My next project, provisionally entitled ‘“Ces mots semblent être des charmes”: Speech, Authority, and Force in the Tragedies of Corneille and Racine’, explores the instrumentality of authoritative speech in seventeenth-century French tragedy. Homing in the speech of monarchs and oracles in particular, it considers how these figures take advantage of, or circumvent, communicative conventions to influence and construct social and political realities. A pragmatics-oriented analysis of forceful speech offers a new means of comparing and contrasting the canonical works of Corneille and Racine. The project also incorporates works by their contemporaries, including Catherine Bernard and Jean Rotrou, to offer an analysis of how monarchical and oracular speech operate in the broader realm of seventeenth-century theatrical theory and practice.

Publications

‘A Message from the Margins: The Role of the Infante in Corneille’s Le Cid’, French Studies, Volume 74, Issue 4(2020), 519-535. https://doi.org/10.1093/fs/knaa166.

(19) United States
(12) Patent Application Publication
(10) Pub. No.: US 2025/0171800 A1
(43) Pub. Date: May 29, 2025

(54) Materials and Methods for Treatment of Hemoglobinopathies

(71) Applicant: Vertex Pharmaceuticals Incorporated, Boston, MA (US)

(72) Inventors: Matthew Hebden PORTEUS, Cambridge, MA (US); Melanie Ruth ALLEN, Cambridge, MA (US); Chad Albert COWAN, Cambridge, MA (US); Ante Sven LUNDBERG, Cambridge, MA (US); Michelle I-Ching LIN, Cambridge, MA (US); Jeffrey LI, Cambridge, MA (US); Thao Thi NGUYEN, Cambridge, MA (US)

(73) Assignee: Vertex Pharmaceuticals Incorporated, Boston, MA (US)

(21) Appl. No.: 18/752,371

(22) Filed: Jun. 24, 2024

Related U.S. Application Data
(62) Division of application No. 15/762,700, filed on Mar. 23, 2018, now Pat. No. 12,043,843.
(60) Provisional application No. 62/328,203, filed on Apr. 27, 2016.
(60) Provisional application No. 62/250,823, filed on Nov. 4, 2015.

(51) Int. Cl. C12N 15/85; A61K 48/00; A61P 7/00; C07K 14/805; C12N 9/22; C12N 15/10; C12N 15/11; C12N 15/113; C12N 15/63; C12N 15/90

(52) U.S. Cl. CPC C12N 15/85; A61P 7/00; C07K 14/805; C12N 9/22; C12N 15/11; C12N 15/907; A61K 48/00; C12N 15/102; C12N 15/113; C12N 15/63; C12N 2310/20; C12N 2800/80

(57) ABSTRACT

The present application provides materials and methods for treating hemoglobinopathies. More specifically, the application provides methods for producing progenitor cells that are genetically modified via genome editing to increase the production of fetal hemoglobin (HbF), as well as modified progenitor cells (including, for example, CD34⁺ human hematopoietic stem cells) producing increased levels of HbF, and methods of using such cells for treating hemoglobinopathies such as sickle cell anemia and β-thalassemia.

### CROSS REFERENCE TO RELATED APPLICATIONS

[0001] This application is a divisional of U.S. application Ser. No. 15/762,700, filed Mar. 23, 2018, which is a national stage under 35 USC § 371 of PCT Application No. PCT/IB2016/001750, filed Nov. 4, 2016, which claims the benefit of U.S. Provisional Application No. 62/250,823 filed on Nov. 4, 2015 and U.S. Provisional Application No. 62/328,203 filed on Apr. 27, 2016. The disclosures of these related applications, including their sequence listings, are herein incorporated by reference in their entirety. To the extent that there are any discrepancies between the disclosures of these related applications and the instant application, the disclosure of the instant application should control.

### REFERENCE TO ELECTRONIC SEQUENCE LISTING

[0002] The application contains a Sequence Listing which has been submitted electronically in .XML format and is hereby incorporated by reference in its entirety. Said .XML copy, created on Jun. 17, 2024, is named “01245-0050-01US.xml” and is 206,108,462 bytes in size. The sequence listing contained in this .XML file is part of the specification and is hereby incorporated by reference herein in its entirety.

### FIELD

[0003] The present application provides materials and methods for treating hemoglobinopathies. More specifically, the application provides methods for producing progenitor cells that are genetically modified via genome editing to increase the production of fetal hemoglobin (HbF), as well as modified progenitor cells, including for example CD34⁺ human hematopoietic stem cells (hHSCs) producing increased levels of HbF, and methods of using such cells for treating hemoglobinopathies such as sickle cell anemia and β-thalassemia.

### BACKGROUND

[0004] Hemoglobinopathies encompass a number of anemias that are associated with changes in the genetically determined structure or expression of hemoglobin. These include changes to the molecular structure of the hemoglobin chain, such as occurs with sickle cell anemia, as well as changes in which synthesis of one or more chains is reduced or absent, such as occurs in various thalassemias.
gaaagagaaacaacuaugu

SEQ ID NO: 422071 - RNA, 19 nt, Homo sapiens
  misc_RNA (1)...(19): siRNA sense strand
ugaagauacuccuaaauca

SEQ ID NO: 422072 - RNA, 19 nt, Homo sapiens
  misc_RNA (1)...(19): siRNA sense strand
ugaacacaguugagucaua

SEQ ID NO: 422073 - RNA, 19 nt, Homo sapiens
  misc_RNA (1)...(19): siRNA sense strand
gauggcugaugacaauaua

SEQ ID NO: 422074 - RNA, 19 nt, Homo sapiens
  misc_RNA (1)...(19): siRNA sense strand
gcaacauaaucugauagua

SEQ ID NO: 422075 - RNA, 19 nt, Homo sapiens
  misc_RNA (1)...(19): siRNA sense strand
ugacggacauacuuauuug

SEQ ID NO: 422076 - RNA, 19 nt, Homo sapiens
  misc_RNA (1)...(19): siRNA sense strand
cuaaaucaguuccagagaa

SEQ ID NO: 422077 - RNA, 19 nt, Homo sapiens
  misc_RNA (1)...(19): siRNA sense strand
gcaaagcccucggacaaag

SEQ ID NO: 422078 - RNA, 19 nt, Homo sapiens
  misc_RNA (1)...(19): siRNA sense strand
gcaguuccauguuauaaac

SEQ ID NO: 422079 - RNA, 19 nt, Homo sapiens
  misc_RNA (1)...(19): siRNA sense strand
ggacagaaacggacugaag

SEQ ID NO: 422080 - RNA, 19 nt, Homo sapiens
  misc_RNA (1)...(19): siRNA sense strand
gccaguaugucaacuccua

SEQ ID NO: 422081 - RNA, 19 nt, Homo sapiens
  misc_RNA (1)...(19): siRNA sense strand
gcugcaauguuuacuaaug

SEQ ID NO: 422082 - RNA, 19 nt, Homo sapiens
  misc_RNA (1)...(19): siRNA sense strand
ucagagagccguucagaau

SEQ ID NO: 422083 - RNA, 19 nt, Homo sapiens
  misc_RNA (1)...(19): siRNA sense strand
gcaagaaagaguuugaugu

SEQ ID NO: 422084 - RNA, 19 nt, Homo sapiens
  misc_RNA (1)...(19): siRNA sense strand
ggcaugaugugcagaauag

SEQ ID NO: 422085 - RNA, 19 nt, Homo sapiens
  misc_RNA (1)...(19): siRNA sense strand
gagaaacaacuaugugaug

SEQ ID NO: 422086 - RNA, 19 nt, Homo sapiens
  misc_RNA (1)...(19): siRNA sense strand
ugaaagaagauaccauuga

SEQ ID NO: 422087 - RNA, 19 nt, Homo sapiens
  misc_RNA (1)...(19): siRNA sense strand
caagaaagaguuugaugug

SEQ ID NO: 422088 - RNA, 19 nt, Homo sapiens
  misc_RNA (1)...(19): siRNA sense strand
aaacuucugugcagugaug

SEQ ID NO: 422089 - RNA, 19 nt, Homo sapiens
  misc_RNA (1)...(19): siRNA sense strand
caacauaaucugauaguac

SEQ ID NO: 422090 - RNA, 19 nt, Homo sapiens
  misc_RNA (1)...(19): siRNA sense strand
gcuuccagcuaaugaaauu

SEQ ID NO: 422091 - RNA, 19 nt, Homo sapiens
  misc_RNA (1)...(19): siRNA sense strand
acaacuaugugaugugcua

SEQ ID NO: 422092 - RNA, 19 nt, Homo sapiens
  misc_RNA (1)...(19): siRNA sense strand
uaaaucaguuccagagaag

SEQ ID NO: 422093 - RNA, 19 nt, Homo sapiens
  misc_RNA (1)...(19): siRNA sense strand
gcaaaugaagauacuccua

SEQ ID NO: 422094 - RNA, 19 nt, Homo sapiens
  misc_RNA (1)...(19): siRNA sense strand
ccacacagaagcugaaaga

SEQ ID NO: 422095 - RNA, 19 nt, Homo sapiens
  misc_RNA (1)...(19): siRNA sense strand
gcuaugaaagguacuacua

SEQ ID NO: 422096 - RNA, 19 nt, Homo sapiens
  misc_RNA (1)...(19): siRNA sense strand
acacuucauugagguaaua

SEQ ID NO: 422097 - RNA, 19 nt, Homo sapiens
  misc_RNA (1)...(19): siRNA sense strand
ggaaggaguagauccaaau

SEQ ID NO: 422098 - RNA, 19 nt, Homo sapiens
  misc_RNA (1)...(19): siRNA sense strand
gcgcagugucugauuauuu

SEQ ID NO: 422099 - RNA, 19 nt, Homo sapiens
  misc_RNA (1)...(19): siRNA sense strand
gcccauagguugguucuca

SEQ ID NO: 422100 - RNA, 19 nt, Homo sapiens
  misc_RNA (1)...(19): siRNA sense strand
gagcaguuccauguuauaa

‘Words, Meaning and Force: The Placebo Effect in Montaigne’s Essais and Vair’s Des Charmes’, Montaigne Studies 29 (2017), 213-224.

 ‘“Le plus fructueux et naturel exercise de nostre esprit”: Conversation et domaine public dans les œuvres de Montaigne, Guazzo, et Castiglione’, Bulletin de la Societé internationale des amis de Montaigne, 73 (2021), 199-212.

Introduction

I studied philosophy at LMU Munich before moving to Oxford to complete the BPhil in Philosophy at New College, Oxford. I then went on to do my PhD in Philosophy at New York University. Prior to taking up my current post at Queen’s I was the Stalnaker Postdoctoral Associate in the Department of Linguistics and Philosophy at MIT.

Teaching

I teach philosophy to undergraduates in all years at Queen’s. I teach the General Philosophy, Introduction to Logic, and Moral Philosophy first-year papers. Moreover, I give tutorials throughout theoretical philosophy, ethics, history of philosophy, and history of logic.

Research